Protesters remain at Orlando-area home owned by officer connected to George Floyd's death

Late Friday night, a small group of protesters remained in front of the Orlando-area home owned by Derek Chauvin, the Minneapolis police officer seen on video kneeling on the neck of George Floyd before his death.

Floyd's death has caused national outrage and sparked protests across the country.

The Orange County Sheriff's Office stated earlier that Chauvin was not currently at the home located in Windermere.  Deputies maintained a presence at the residence into the evening and no violence was reported.

Earlier in the day, it was announced that Chauvin, 44, had been arrested, charged with third-degree murder and second-degree manslaughter. He also was accused of ignoring another officer who expressed concerns about Floyd as he lay handcuffed on the ground, pleading that he could not breathe while Chauvin pressed his knee into his neck for several minutes.


Floyd, who was black, had been arrested on suspicion of using a counterfeit bill at a store.   Chauvin, who was fired along with three other officers who were at the scene, faces more than 12 years in prison if convicted of murder

RELATED: Minneapolis police officer who knelt on neck of George Floyd taken into custody


“For the safety of our community, we have verified that the Minneapolis Police Department officer with a home in Windermere in unincorporated Orange County is not at that home, and has no plans to be in the area,” the sheriff's office posted on Twitter.

According to the Orlando Sentinel, protesters began gathering on Thursday night. 

“Last night was a mess,” one neighbor told the Sentinel.

That neighbor said about an hour after walking his dog around 10:30 p.m., "all hell broke loose." He estimated about 50 people showed up to the neighborhood, honking horns and yelling until around 3:30 a.m.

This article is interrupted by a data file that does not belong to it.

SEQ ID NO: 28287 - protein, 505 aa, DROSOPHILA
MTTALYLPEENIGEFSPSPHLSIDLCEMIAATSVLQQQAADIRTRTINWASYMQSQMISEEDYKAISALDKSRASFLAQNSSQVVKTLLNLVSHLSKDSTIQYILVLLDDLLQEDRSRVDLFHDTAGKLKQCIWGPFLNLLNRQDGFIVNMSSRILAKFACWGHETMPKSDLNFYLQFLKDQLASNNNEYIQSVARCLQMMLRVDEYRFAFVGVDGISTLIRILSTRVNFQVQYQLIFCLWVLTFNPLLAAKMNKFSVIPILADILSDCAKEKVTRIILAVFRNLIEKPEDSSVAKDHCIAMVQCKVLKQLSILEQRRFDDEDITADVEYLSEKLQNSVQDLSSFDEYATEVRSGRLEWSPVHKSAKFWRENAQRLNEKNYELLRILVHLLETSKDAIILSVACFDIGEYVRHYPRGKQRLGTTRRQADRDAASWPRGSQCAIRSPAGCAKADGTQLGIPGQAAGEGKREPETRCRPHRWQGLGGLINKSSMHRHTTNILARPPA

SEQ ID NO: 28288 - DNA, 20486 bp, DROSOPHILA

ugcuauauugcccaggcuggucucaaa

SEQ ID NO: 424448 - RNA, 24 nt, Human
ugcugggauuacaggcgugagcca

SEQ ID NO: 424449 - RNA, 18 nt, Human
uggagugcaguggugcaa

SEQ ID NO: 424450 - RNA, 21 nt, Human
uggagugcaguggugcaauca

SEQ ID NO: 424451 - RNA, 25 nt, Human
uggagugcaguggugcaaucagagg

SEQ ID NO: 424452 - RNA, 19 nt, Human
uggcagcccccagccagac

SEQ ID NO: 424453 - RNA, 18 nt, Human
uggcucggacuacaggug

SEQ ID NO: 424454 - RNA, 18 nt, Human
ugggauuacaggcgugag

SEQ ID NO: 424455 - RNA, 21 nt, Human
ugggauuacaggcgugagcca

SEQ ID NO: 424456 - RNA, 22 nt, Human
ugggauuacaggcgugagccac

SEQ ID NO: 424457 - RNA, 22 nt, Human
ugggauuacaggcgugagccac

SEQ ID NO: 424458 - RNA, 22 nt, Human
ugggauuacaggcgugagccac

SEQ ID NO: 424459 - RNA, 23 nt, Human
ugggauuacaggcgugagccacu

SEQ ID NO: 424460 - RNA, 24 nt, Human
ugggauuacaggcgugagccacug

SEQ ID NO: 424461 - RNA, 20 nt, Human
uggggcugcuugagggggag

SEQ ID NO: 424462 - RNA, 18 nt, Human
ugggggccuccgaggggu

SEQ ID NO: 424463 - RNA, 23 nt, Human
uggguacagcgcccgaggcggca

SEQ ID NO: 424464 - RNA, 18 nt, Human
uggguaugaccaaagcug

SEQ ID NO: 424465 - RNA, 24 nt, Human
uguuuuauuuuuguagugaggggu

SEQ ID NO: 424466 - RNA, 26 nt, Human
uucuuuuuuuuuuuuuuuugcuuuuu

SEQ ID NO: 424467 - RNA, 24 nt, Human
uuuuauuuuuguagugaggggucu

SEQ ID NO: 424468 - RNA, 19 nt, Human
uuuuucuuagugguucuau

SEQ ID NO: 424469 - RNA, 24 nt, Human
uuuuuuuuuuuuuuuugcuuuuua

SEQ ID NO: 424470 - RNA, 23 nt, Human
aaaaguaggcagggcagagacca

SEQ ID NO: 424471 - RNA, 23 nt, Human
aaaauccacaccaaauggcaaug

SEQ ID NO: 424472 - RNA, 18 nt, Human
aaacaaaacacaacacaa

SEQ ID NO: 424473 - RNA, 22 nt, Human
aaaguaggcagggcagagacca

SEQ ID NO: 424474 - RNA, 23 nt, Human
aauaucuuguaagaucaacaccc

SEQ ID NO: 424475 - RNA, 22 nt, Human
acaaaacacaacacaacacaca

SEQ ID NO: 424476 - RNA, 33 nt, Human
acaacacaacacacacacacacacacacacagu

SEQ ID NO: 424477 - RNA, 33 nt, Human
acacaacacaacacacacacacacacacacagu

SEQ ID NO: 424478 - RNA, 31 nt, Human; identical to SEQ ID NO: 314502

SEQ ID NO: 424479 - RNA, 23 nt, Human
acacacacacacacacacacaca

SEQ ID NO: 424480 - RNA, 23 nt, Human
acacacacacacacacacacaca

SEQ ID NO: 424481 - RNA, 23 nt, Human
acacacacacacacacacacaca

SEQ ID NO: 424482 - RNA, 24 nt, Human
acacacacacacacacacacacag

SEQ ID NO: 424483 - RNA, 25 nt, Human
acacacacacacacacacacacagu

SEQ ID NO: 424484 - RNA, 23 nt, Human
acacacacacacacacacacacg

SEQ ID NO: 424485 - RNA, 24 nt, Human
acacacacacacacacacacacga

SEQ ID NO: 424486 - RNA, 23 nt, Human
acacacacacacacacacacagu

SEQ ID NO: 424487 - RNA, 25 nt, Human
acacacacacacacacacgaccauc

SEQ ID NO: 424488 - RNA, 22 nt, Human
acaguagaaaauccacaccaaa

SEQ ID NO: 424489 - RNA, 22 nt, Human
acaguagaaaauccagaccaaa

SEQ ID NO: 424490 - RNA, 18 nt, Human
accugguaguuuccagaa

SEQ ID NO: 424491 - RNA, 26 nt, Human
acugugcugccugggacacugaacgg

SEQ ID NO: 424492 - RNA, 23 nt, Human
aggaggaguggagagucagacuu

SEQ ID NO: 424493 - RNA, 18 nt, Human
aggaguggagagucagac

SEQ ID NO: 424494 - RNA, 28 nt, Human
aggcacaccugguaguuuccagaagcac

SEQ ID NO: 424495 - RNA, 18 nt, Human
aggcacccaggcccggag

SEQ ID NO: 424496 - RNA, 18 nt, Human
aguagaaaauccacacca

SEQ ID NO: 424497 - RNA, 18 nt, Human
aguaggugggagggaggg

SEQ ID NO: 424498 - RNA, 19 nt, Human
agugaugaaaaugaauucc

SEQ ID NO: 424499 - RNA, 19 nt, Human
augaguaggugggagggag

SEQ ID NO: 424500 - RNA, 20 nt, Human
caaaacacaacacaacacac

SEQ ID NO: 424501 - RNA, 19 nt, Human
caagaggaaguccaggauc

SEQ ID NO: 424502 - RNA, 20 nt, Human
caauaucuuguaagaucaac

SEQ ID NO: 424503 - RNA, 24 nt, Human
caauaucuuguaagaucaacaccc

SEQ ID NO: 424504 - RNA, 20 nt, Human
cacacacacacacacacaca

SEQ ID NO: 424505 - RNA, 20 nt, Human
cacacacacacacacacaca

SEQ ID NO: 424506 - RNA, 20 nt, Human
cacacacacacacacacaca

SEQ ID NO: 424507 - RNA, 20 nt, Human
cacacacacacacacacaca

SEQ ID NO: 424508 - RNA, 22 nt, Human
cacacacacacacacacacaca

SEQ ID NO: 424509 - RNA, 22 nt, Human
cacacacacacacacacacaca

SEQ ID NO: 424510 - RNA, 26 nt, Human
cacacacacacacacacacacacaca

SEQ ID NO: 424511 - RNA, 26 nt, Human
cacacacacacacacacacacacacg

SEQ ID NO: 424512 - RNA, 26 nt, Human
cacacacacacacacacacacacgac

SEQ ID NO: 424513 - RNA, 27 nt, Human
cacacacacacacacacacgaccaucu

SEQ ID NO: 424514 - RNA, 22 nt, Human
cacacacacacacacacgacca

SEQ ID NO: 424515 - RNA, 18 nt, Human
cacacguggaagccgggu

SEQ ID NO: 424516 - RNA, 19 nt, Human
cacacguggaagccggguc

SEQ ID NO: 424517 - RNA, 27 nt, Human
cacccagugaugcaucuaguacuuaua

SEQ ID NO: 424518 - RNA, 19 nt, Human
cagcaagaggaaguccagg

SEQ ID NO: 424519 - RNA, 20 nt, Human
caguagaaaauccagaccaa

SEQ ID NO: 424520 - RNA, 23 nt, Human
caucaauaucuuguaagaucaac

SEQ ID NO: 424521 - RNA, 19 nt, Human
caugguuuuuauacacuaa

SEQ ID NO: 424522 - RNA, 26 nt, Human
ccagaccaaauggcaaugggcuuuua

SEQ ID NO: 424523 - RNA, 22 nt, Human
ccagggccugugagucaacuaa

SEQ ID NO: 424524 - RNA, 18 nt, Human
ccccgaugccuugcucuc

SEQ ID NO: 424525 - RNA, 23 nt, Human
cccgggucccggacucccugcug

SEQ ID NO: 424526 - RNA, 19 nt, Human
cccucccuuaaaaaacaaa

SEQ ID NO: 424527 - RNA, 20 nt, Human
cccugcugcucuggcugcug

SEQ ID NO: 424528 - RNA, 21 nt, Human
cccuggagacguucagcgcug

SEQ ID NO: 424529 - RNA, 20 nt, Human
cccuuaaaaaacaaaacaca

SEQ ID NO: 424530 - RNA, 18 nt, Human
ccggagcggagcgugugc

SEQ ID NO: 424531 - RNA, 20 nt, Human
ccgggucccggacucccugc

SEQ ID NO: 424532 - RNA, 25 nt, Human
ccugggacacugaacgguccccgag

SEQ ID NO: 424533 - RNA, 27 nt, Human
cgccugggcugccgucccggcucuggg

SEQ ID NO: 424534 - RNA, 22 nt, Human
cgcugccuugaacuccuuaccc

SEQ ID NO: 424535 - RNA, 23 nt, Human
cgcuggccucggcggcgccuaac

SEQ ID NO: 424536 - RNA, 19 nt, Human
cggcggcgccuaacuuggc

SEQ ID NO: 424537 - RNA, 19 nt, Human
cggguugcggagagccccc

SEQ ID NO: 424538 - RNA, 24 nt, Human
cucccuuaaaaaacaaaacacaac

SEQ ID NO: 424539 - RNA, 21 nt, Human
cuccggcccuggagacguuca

In a widely circulated cellphone video of the subsequent arrest, Floyd, who was black, can be seen on the ground with his hands cuffed behind his back while Officer Derek Chauvin presses him to the pavement with his knee on Floyd's neck. The video shows Chauvin, who is white, holding Floyd down for minutes as Floyd complains he can't breathe. The video ends with paramedics lifting a limp Floyd onto a stretcher and placing him in an ambulance.

Four officers were fired Tuesday; on Wednesday, Mayor Jacob Frey called for Chauvin to be criminally charged. Frey made no mention of the other three officers, who were also at the scene. 

Police say Floyd was resisting arrest, but Chauvin's lawyer has declined to comment and the other officers have not been publicly identified.

Orlando Police Chief Orlando Rolon and Orange County Sheriff John Mina weighed in on Floyd's death. 

Both Rolon and Mina have denounced the actions of the officers involved. Mina called the actions taken by police officers indefensible and wants to see criminal charges brought against them.

RELATED: FBI, U.S. Attorney's Office making George Floyd death investigation a 'top priority'

“I just think it was awful," he said. "It really goes against everything that we’re taught in law enforcement, our basic principles.”

“This is disturbing," said Rolon. "This should have never happened. This is not the way we train our officers, this is not what we expect from the persons who wear the badge.”

The sheriff agreed that this should never have happened.

RELATED: George Floyd, victim in police encounter, had started new life in Minnesota

“There is no justification. That is not an approved technique to put your knee on someone’s neck,” said Mina, placing blame on the other officers as well. “We’re trained to deescalate, we’re trained to intercede when we see excessive force, we’re trained to stop that,” said Mina.